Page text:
Author Topic: Maxing Roth IRA Contributions, 17% into 401k, any other investing options?  (Read 1688 times)

xclonexclonex

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Hello everyone,

Got a few questions here regarding investment accounts.

At the moment, I am maxing out my Roth IRA contributions (Vanguard), and I am contributing a little over $1000 per month to my 401k (Fidelity). I do not want to contribute more to 401k because my company deposits part of my yearly bonus into my 401k account, and I do not want to risk going over the max.

Here is my current networth -

http://i.imgur.com/Od7R8dj.jpg

With this being the case, I have additional money that I can invest, but I am not sure what my options are. Is there another kind of tax advantage account I can use?

If there is no other tax advantage account available for me to invest in, I am thinking about opening a taxable account at Vanguard. Is this what I should be opening? One thing to note is that I will be contributing more than $6000 per year.

http://i.imgur.com/nTuPz5W.jpg

I appreciate any advice you can give me. I have a lot of funds sitting in my savings account, and I want to put it to good use.

Thank you.

capitalninja

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If you're already doing all you can with tax-deferred investing then after tax is what's left. There aren't any limits on how much you can invest in an after tax account annually.

One tax deferred account that I didn't see you mention is the HSA. If you have a HDHP (High Deductable Health Plan) then it would be worth looking into. That's another 6750 that you can shelter this year if you have a family or 3350 if you're single.

Hope this helps.

xclonexclonex

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Thank you for your reply. I do not have an HSA. I never thought about it.

I have medical insurance through my employer and my wife has her own insurance through her work.

I am thinking of investing around $10000 this year. So I am not sure what the best option for me is. I called Vanguard just now, and the lady told me that I should consider an individual taxable account.

What do you guys think?

dandarc

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If you've maxed all of your tax-advantaged space, then a taxable account is the next option. 

Is your wife also maxing her tax-advantaged space?  If not, might behoove you to look at doing that - you're filing jointly after all, so you're saving taxes in her accounts as well.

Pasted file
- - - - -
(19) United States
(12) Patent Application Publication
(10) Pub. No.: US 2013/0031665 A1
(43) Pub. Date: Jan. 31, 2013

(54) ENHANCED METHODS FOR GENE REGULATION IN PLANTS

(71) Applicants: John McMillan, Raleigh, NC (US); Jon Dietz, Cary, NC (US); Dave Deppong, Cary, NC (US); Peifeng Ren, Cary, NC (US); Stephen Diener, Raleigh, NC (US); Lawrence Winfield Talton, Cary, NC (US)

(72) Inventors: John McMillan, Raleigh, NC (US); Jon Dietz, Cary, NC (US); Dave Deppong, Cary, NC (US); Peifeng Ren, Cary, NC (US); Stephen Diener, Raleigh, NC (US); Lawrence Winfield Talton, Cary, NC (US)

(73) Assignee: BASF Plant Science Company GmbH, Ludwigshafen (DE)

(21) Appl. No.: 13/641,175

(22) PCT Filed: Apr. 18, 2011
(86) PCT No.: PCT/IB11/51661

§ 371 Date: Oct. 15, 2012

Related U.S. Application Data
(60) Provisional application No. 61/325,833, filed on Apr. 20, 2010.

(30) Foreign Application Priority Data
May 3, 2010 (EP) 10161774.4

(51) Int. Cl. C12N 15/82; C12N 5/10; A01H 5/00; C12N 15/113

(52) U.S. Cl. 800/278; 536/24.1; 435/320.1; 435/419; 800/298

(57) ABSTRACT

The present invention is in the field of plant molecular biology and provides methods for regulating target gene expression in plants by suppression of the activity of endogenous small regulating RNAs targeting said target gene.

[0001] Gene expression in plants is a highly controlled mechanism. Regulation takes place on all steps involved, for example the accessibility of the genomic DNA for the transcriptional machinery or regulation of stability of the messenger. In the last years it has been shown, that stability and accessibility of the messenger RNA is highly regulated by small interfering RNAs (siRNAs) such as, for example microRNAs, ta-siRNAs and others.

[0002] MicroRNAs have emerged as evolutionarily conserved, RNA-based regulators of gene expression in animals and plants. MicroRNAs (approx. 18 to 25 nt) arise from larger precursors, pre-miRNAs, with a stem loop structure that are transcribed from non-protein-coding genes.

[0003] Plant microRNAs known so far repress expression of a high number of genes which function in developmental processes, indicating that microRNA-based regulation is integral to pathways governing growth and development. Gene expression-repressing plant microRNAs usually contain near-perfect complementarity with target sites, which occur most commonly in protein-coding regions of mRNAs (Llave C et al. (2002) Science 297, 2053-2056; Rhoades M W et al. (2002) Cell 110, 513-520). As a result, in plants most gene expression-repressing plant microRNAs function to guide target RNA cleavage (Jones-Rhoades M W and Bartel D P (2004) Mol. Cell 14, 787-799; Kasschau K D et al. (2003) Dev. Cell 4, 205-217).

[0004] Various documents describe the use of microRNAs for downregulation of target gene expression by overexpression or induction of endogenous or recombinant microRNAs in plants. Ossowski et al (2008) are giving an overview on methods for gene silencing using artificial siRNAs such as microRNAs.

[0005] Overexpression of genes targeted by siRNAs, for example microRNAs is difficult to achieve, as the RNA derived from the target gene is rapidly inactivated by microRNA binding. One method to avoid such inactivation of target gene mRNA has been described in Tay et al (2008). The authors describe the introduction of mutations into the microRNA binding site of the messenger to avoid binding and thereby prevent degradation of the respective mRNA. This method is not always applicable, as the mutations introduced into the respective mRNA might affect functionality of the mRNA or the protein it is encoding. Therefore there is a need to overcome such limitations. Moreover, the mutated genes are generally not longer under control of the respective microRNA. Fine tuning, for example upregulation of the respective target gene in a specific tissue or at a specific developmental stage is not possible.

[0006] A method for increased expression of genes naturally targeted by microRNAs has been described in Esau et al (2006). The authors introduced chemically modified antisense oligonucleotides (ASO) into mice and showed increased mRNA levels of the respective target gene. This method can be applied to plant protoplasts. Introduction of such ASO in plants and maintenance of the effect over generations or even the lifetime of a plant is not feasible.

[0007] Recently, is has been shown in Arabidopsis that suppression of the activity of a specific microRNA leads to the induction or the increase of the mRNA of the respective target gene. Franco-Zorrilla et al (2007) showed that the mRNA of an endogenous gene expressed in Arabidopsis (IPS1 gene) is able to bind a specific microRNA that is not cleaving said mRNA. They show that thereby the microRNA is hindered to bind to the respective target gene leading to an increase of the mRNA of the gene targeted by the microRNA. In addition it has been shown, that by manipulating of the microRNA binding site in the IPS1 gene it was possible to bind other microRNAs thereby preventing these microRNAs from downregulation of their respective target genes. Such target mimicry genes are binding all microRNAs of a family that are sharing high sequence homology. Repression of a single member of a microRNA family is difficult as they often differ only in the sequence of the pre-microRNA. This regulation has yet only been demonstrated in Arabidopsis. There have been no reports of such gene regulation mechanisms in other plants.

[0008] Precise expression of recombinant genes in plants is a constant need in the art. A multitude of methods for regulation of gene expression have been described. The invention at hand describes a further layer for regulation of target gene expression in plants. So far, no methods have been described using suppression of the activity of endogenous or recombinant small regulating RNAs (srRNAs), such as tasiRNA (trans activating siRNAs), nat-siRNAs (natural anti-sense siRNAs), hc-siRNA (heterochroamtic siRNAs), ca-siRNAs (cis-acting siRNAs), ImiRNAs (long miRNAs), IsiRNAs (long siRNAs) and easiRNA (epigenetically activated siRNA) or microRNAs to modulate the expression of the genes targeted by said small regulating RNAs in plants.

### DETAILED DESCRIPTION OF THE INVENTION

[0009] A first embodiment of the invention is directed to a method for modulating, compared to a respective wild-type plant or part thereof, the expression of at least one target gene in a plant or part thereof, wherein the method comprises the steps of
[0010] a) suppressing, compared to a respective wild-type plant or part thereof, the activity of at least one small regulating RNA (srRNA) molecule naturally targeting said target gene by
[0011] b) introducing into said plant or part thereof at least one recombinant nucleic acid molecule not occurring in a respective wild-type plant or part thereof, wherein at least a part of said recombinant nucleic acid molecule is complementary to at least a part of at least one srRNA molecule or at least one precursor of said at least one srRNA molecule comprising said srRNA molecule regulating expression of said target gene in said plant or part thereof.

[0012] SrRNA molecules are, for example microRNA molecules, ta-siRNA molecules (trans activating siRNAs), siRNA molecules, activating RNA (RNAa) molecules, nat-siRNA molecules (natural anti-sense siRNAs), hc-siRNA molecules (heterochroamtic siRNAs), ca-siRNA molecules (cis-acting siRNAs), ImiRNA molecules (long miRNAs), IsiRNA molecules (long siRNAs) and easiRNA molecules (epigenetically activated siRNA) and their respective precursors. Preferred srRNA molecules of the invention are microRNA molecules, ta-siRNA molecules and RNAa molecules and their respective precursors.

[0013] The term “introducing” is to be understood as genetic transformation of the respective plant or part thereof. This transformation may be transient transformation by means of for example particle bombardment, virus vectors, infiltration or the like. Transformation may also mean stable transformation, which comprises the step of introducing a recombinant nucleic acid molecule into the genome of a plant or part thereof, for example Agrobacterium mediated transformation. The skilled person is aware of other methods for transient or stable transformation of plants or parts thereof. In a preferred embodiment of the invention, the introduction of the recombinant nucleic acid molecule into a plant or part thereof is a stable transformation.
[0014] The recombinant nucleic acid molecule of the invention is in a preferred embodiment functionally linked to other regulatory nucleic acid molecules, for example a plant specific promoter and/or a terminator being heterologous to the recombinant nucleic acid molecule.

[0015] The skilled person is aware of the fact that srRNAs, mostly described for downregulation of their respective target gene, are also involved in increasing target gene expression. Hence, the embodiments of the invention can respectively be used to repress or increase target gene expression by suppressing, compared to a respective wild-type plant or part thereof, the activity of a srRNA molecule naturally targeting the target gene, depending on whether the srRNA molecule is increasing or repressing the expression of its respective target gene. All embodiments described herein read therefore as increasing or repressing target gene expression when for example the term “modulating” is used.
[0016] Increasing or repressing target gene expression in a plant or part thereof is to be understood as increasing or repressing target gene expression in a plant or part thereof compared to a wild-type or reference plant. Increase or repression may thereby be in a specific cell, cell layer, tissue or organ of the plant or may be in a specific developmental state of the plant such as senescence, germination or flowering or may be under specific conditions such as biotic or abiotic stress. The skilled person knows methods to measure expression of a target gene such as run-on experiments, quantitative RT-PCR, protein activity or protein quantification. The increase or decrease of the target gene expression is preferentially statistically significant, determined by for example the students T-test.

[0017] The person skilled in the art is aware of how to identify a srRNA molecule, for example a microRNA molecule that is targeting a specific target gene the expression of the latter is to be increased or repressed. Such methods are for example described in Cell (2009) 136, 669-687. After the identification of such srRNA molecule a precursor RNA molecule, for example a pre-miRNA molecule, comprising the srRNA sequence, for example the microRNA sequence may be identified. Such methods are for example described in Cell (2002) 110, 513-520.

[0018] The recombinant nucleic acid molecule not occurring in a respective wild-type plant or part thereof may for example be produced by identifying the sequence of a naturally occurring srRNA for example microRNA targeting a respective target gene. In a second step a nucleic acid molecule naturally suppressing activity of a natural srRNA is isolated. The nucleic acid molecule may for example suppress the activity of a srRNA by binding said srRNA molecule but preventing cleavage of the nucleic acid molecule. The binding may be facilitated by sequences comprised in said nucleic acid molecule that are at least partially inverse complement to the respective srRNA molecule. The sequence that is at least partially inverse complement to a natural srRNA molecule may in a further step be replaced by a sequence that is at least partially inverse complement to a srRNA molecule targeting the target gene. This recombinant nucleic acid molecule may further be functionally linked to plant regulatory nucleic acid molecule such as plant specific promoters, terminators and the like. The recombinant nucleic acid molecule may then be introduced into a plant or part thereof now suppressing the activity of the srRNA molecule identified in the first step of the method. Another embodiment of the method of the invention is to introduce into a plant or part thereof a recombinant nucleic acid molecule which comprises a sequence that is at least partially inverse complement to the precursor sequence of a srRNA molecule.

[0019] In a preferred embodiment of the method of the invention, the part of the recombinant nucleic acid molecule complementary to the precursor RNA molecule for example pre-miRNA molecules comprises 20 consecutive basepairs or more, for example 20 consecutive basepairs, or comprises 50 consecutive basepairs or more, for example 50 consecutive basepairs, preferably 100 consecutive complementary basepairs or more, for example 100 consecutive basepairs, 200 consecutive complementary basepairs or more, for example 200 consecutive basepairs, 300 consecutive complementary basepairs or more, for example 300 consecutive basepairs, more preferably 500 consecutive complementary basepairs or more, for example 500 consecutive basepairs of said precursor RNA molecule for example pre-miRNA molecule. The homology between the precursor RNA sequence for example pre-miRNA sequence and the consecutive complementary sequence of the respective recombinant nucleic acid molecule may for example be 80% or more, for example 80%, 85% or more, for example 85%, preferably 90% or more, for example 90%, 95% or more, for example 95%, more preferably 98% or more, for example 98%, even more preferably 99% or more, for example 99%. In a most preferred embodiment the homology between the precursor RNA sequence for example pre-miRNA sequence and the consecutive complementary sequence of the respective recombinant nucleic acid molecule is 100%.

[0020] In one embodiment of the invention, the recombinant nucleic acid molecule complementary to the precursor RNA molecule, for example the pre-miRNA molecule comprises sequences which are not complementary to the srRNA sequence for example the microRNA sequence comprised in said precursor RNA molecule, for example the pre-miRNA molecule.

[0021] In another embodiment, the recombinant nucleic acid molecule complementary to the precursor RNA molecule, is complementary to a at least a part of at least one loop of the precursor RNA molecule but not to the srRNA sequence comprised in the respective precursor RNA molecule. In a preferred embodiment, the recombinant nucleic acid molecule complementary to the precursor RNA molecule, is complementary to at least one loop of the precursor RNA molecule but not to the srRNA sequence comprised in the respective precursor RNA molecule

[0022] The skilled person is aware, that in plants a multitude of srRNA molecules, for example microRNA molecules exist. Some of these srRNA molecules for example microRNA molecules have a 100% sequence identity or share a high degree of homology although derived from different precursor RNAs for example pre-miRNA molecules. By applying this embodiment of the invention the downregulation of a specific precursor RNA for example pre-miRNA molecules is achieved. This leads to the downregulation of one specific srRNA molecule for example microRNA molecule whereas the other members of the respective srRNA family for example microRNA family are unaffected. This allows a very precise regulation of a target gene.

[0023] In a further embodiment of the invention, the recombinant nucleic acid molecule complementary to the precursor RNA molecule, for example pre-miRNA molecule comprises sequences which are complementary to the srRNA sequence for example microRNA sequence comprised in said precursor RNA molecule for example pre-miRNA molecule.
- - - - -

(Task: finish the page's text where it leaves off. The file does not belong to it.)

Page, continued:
Have you carefully considered the Roth vs. Traditional decision?  Depends on your income, of course, but traditional wins pretty often (assuming your income is in the range where you can deduct the contributions).

boarder42

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Thank you for your reply. I do not have an HSA. I never thought about it.

I have medical insurance through my employer and my wife has her own insurance through her work.

I am thinking of investing around $10000 this year. So I am not sure what the best option for me is. I called Vanguard just now, and the lady told me that I should consider an individual taxable account.

What do you guys think?

figure out if you're on a HDHP and if your wife is.  if you arent figure out if you can switch if you can switch then switch.  if your work or her work offers an HSA with the HDHP then you should use salary deduction at the place that offers it to contribute 6750 this year to that.  it bypasses state/federal/FICA with salary deduction.  if there is no HSA option at work and either or both of you can get on or are an an HDHP then open a HSA with HSABank and max it out either per individual or per couple depending on which of you have HSAs.  then funnel the rest of the money to vanguard taxable account in VTSAX

MoonShadow

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Thank you for your reply. I do not have an HSA. I never thought about it.

I have medical insurance through my employer and my wife has her own insurance through her work.

I am thinking of investing around $10000 this year. So I am not sure what the best option for me is. I called Vanguard just now, and the lady told me that I should consider an individual taxable account.

What do you guys think?

If you can't get an HSA, then get the taxable account.  Or you could buy tax-exempt muni-bonds, but you can do that inside the taxable account anyway.